Covid outbreak at Cranswick meat plant as 144 staff catch virus – just days after 75 workers test positive at nearby Bernard Matthews factory
- Norfolk County Council said there had been a ‘significant outbreak’ of Covid-19
- Coronavirus outbreak has hit Cranswick Country Foods site in Watton, Norfolk
- 300 members of staff at the factory have been swabbed, with more tests today
By Amie Gordon For Mailonline
Published: | Updated:
Around 140 people have tested positive for coronavirus at a Norfolk meat processing factory, it has emerged today.
Norfolk County Council said there had been a ‘significant outbreak’ of Covid-19 at the Cranswick Country Foods site in Watton.
Some 300 members of staff at the factory have been tested so far, with the remaining employees due to be swabbed today.
The outbreak comes as 75 workers at a Bernard Matthews turkey plant in Great Witchingham, Norfolk, also tested positive for coronavirus earlier this month.
There has been a ‘significant outbreak’ of Covid-19 at the Cranswick Country Foods site in Watton (pictured)
The council’s director of public health, Dr Louise Smith, said the local authority was working with the Joint Biosecurity Centre to urge people in the Watton area to get tested if they have symptoms.
She said in a statement: ‘Testing of staff at Cranswick Foods has revealed a significant outbreak.
‘At this stage we have identified about 140 positive cases out of around 300 tested so far. The analysis of swabs continues and the remaining staff on site are being tested today and tomorrow.
‘Due to the high proportion of positive case results received so far, we are liaising with the Joint Biosecurity Centre and have stepped up contact tracing and leafletting in the Watton area, urging people with symptoms to access testing.’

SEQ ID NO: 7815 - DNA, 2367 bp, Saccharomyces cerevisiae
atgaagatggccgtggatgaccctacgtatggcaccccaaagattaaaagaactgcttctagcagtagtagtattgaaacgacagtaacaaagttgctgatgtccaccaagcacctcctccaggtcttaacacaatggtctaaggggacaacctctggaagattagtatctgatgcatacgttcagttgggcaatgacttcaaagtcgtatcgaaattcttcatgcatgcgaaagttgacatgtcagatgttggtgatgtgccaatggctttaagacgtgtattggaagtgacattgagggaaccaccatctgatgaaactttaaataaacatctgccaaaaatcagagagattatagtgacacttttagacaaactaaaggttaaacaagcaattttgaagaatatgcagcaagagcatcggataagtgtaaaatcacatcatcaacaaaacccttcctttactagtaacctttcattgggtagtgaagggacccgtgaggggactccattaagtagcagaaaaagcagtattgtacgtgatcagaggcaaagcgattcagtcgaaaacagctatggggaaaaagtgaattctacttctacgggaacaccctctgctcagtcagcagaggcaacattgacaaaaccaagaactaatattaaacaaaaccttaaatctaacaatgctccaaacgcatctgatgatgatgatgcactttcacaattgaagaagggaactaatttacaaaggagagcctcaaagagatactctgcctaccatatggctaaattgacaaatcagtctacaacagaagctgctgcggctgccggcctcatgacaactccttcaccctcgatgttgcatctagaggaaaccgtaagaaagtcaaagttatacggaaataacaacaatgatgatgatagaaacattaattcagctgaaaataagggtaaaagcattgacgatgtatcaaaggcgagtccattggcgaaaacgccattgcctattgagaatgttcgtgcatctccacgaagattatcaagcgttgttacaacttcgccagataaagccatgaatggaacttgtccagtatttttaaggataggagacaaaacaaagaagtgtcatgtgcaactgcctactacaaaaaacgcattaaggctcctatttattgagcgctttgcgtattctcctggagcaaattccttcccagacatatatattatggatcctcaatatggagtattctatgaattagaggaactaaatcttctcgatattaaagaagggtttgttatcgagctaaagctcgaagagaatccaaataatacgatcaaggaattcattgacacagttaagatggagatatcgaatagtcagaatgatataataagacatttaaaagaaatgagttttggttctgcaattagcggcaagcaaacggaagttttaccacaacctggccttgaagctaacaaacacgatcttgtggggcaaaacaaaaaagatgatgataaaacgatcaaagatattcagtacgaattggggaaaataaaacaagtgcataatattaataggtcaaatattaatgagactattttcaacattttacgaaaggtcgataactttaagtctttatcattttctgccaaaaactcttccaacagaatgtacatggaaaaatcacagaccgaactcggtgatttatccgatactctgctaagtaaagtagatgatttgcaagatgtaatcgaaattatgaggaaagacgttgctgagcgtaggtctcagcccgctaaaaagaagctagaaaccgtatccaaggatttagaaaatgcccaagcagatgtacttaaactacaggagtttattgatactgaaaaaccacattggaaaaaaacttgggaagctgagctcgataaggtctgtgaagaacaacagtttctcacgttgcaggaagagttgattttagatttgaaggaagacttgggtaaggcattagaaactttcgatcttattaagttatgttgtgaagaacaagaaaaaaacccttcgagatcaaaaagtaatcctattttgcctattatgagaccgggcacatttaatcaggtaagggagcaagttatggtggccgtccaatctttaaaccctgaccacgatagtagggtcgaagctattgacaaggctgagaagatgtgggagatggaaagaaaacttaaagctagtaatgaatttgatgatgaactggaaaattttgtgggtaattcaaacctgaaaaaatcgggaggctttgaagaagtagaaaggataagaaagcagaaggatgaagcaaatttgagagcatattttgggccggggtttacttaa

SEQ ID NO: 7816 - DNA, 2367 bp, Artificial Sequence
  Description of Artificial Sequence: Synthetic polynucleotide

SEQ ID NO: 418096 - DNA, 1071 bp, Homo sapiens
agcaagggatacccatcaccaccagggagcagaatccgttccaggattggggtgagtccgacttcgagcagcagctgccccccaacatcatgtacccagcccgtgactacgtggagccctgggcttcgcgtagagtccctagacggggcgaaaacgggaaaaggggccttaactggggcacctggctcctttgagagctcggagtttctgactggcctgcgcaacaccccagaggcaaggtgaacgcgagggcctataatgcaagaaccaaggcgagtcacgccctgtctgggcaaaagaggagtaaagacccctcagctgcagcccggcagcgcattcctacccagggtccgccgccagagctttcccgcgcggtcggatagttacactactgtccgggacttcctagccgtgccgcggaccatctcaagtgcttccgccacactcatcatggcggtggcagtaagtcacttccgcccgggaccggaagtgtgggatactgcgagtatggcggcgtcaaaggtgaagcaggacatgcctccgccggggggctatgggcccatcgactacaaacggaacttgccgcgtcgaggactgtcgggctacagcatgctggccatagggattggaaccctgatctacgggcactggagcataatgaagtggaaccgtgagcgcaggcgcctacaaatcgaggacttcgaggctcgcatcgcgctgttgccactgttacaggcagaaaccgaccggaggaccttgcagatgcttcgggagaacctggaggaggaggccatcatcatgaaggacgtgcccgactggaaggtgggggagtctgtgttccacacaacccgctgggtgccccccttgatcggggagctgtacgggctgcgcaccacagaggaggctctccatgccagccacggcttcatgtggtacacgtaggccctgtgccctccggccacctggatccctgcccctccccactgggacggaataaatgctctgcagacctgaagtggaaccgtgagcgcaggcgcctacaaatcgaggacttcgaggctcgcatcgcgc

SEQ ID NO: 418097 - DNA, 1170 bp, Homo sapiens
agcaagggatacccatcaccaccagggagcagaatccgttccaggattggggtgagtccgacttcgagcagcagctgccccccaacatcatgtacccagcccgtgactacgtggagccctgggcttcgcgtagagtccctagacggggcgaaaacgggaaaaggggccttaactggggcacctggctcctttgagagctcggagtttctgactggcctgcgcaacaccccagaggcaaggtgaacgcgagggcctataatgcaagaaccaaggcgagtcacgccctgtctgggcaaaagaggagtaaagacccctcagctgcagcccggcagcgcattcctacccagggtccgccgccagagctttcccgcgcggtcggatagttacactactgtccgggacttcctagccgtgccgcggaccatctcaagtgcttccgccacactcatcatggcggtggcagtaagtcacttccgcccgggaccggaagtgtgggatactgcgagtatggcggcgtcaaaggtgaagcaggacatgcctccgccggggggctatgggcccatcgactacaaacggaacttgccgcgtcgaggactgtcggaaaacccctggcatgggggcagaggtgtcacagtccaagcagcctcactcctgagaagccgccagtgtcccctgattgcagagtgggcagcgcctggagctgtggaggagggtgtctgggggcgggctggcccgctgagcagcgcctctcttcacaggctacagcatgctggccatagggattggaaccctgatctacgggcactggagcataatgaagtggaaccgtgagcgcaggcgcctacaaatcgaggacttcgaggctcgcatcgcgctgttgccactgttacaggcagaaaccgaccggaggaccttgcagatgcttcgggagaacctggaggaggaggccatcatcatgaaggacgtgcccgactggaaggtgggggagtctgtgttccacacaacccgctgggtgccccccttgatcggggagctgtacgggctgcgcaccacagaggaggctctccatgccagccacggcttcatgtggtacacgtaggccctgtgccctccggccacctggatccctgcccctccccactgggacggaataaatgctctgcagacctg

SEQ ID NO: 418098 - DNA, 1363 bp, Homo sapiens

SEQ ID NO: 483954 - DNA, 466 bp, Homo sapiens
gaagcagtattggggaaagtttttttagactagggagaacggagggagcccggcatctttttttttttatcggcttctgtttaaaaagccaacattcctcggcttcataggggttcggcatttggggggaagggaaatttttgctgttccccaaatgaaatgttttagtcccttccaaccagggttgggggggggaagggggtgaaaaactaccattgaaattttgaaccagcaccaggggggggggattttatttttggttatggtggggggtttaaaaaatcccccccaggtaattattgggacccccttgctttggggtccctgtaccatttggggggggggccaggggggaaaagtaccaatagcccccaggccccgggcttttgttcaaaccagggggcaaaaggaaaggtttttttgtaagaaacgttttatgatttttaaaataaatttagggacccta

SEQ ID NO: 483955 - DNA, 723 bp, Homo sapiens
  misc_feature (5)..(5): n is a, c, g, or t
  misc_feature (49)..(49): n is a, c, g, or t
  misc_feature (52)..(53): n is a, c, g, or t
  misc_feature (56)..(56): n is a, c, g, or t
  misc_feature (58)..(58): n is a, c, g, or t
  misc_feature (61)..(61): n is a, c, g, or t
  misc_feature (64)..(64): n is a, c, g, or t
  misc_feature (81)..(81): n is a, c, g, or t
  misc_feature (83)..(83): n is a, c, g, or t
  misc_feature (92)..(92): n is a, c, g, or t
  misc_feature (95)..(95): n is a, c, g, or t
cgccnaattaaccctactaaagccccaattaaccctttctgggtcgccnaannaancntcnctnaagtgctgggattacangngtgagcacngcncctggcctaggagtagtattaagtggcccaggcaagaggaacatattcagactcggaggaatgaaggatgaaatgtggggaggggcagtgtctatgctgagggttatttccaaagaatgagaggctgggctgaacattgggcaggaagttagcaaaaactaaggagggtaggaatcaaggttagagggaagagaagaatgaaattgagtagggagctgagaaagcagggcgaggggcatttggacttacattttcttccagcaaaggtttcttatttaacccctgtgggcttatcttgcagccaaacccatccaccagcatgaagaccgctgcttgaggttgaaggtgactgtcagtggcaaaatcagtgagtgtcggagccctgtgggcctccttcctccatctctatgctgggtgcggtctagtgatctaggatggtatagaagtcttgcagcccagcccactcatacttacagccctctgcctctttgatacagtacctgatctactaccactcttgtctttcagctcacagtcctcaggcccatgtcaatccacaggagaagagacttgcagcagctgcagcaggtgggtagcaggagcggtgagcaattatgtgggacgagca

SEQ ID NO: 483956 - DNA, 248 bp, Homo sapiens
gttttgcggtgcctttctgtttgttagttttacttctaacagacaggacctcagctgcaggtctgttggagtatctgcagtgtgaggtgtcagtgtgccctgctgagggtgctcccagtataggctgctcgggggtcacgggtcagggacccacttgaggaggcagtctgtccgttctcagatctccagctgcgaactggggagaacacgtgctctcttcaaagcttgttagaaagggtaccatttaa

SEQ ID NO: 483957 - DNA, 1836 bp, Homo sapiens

Cranswick Country Foods has been contacted for comment.
The local authority said testing at the Bernard Matthews turkey plant began on October 15, with more than 600 members of staff tested.
‘Results showed that the majority of positive cases so far worked on the afternoon shift at the site, leading Public Health to advise Bernard Matthews that the entire shift be instructed to self-isolate,’ Norfolk County Council said.
As of October 15 there had also been 72 positive cases at Bernard Matthews’ food processing facility in Holton near Halesworth, Suffolk County Council said.
In Suffolk, Bernard Matthews brought in Covid-19 bus marshals on its free staff transport as part of its response to the outbreak.
Chilled and damp interior with ultraviolet light: Why meat plants are a hotbed for coronavirus outbreaks
The virus thrives in cold, damp and indoor environments, particularly on cool surfaces.
The lack of a breeze or ultraviolet light from the sun means the moisture remains and can’t be killed off inside food processing plants.
Furthermore, social distancing is particularly difficult in workplaces with a busy production line meaning the virus is likely to spread more easily.
Loud machinery also forces people to raise their voices and researchers say situations where people have to shout result in an increased risk of projecting the virus to others.
It’s not just in the UK where a trend has been seen, either, after hundreds tested positive in a Berlin slaughterhouse, while a wet market in Wuhan is believed to have been at the heart of a huge number of infections early on in the crisis.
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